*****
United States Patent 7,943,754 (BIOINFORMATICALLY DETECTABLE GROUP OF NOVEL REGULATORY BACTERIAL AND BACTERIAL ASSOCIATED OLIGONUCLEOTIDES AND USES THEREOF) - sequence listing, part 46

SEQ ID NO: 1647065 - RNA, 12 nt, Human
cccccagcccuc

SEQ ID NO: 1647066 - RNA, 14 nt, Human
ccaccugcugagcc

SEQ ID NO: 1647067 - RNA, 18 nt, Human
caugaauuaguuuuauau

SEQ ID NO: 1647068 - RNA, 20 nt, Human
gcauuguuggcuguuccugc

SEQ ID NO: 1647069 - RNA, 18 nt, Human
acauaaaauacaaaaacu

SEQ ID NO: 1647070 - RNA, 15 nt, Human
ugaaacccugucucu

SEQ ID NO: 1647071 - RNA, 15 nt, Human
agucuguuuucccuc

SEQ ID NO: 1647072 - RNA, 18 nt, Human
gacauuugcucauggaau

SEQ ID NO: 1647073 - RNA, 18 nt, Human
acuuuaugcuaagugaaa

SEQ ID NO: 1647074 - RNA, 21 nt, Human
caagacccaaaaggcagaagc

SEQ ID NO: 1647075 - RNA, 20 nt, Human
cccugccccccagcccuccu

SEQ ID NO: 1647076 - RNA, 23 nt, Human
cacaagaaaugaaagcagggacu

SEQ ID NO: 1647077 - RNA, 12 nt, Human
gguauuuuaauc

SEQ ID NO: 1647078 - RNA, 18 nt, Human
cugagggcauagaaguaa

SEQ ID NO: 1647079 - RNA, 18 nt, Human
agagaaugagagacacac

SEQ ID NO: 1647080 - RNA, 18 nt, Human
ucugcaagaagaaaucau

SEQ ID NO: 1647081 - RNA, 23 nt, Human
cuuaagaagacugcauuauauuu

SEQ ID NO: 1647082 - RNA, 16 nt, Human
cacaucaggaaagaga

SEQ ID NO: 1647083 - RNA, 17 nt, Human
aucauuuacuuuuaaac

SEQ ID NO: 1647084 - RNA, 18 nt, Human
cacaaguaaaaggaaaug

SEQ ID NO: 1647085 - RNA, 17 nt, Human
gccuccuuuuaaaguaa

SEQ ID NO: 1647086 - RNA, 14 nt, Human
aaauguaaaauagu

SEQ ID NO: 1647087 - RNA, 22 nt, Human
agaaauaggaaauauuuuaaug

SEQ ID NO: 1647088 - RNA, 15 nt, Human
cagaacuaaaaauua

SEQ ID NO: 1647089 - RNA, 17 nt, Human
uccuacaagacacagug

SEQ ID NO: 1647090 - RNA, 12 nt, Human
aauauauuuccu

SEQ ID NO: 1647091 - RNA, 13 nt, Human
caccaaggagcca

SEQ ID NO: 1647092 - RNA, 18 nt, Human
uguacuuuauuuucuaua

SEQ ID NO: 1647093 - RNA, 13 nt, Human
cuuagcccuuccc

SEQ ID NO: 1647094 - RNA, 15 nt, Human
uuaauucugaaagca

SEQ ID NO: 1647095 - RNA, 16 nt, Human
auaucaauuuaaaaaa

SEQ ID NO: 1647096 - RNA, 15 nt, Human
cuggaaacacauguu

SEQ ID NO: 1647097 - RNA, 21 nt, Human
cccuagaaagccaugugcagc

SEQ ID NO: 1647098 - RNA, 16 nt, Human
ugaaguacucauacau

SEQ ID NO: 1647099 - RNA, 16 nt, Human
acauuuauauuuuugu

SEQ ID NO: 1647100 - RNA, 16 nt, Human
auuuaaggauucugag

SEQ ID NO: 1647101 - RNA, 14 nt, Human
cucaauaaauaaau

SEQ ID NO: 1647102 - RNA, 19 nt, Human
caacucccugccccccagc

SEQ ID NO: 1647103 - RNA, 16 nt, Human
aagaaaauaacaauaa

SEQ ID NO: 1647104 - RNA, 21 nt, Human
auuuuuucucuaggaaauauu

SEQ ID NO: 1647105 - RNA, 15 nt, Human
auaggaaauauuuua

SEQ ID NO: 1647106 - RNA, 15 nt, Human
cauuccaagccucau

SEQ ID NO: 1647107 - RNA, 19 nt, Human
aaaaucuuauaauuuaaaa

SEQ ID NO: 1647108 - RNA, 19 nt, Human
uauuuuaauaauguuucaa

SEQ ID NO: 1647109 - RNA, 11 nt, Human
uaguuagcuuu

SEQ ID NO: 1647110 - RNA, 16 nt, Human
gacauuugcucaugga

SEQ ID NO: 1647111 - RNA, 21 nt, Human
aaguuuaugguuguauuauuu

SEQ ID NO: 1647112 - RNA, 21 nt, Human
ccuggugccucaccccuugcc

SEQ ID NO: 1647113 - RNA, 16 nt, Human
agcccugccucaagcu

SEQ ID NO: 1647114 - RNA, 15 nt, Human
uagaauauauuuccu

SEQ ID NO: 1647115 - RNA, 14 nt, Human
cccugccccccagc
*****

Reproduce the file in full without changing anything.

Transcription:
United States Patent 7,943,754 (BIOINFORMATICALLY DETECTABLE GROUP OF NOVEL REGULATORY BACTERIAL AND BACTERIAL ASSOCIATED OLIGONUCLEOTIDES AND USES THEREOF) - sequence listing, part 46

SEQ ID NO: 1647065 - RNA, 12 nt, Human
cccccagcccuc

SEQ ID NO: 1647066 - RNA, 14 nt, Human
ccaccugcugagcc

SEQ ID NO: 1647067 - RNA, 18 nt, Human
caugaauuaguuuuauau

SEQ ID NO: 1647068 - RNA, 20 nt, Human
gcauuguuggcuguuccugc

SEQ ID NO: 1647069 - RNA, 18 nt, Human
acauaaaauacaaaaacu

SEQ ID NO: 1647070 - RNA, 15 nt, Human
ugaaacccugucucu

SEQ ID NO: 1647071 - RNA, 15 nt, Human
agucuguuuucccuc

SEQ ID NO: 1647072 - RNA, 18 nt, Human
gacauuugcucauggaau

SEQ ID NO: 1647073 - RNA, 18 nt, Human
acuuuaugcuaagugaaa

SEQ ID NO: 1647074 - RNA, 21 nt, Human
caagacccaaaaggcagaagc

SEQ ID NO: 1647075 - RNA, 20 nt, Human
cccugccccccagcccuccu

SEQ ID NO: 1647076 - RNA, 23 nt, Human
cacaagaaaugaaagcagggacu

SEQ ID NO: 1647077 - RNA, 12 nt, Human
gguauuuuaauc

SEQ ID NO: 1647078 - RNA, 18 nt, Human
cugagggcauagaaguaa

SEQ ID NO: 1647079 - RNA, 18 nt, Human
agagaaugagagacacac

SEQ ID NO: 1647080 - RNA, 18 nt, Human
ucugcaagaagaaaucau

SEQ ID NO: 1647081 - RNA, 23 nt, Human
cuuaagaagacugcauuauauuu

SEQ ID NO: 1647082 - RNA, 16 nt, Human
cacaucaggaaagaga

SEQ ID NO: 1647083 - RNA, 17 nt, Human
aucauuuacuuuuaaac

SEQ ID NO: 1647084 - RNA, 18 nt, Human
cacaaguaaaaggaaaug

SEQ ID NO: 1647085 - RNA, 17 nt, Human
gccuccuuuuaaaguaa

SEQ ID NO: 1647086 - RNA, 14 nt, Human
aaauguaaaauagu

SEQ ID NO: 1647087 - RNA, 22 nt, Human
agaaauaggaaauauuuuaaug

SEQ ID NO: 1647088 - RNA, 15 nt, Human
cagaacuaaaaauua

SEQ ID NO: 1647089 - RNA, 17 nt, Human
uccuacaagacacagug

SEQ ID NO: 1647090 - RNA, 12 nt, Human
aauauauuuccu

SEQ ID NO: 1647091 - RNA, 13 nt, Human
caccaaggagcca

SEQ ID NO: 1647092 - RNA, 18 nt, Human
uguacuuuauuuucuaua

SEQ ID NO: 1647093 - RNA, 13 nt, Human
cuuagcccuuccc

SEQ ID NO: 1647094 - RNA, 15 nt, Human
uuaauucugaaagca

SEQ ID NO: 1647095 - RNA, 16 nt, Human
auaucaauuuaaaaaa

SEQ ID NO: 1647096 - RNA, 15 nt, Human
cuggaaacacauguu

SEQ ID NO: 1647097 - RNA, 21 nt, Human
cccuagaaagccaugugcagc

SEQ ID NO: 1647098 - RNA, 16 nt, Human
ugaaguacucauacau

SEQ ID NO: 1647099 - RNA, 16 nt, Human
acauuuauauuuuugu

SEQ ID NO: 1647100 - RNA, 16 nt, Human
auuuaaggauucugag

SEQ ID NO: 1647101 - RNA, 14 nt, Human
cucaauaaauaaau

SEQ ID NO: 1647102 - RNA, 19 nt, Human
caacucccugccccccagc

SEQ ID NO: 1647103 - RNA, 16 nt, Human
aagaaaauaacaauaa

SEQ ID NO: 1647104 - RNA, 21 nt, Human
auuuuuucucuaggaaauauu

SEQ ID NO: 1647105 - RNA, 15 nt, Human
auaggaaauauuuua

SEQ ID NO: 1647106 - RNA, 15 nt, Human
cauuccaagccucau

SEQ ID NO: 1647107 - RNA, 19 nt, Human
aaaaucuuauaauuuaaaa

SEQ ID NO: 1647108 - RNA, 19 nt, Human
uauuuuaauaauguuucaa

SEQ ID NO: 1647109 - RNA, 11 nt, Human
uaguuagcuuu

SEQ ID NO: 1647110 - RNA, 16 nt, Human
gacauuugcucaugga

SEQ ID NO: 1647111 - RNA, 21 nt, Human
aaguuuaugguuguauuauuu

SEQ ID NO: 1647112 - RNA, 21 nt, Human
ccuggugccucaccccuugcc

SEQ ID NO: 1647113 - RNA, 16 nt, Human
agcccugccucaagcu

SEQ ID NO: 1647114 - RNA, 15 nt, Human
uagaauauauuuccu

SEQ ID NO: 1647115 - RNA, 14 nt, Human
cccugccccccagc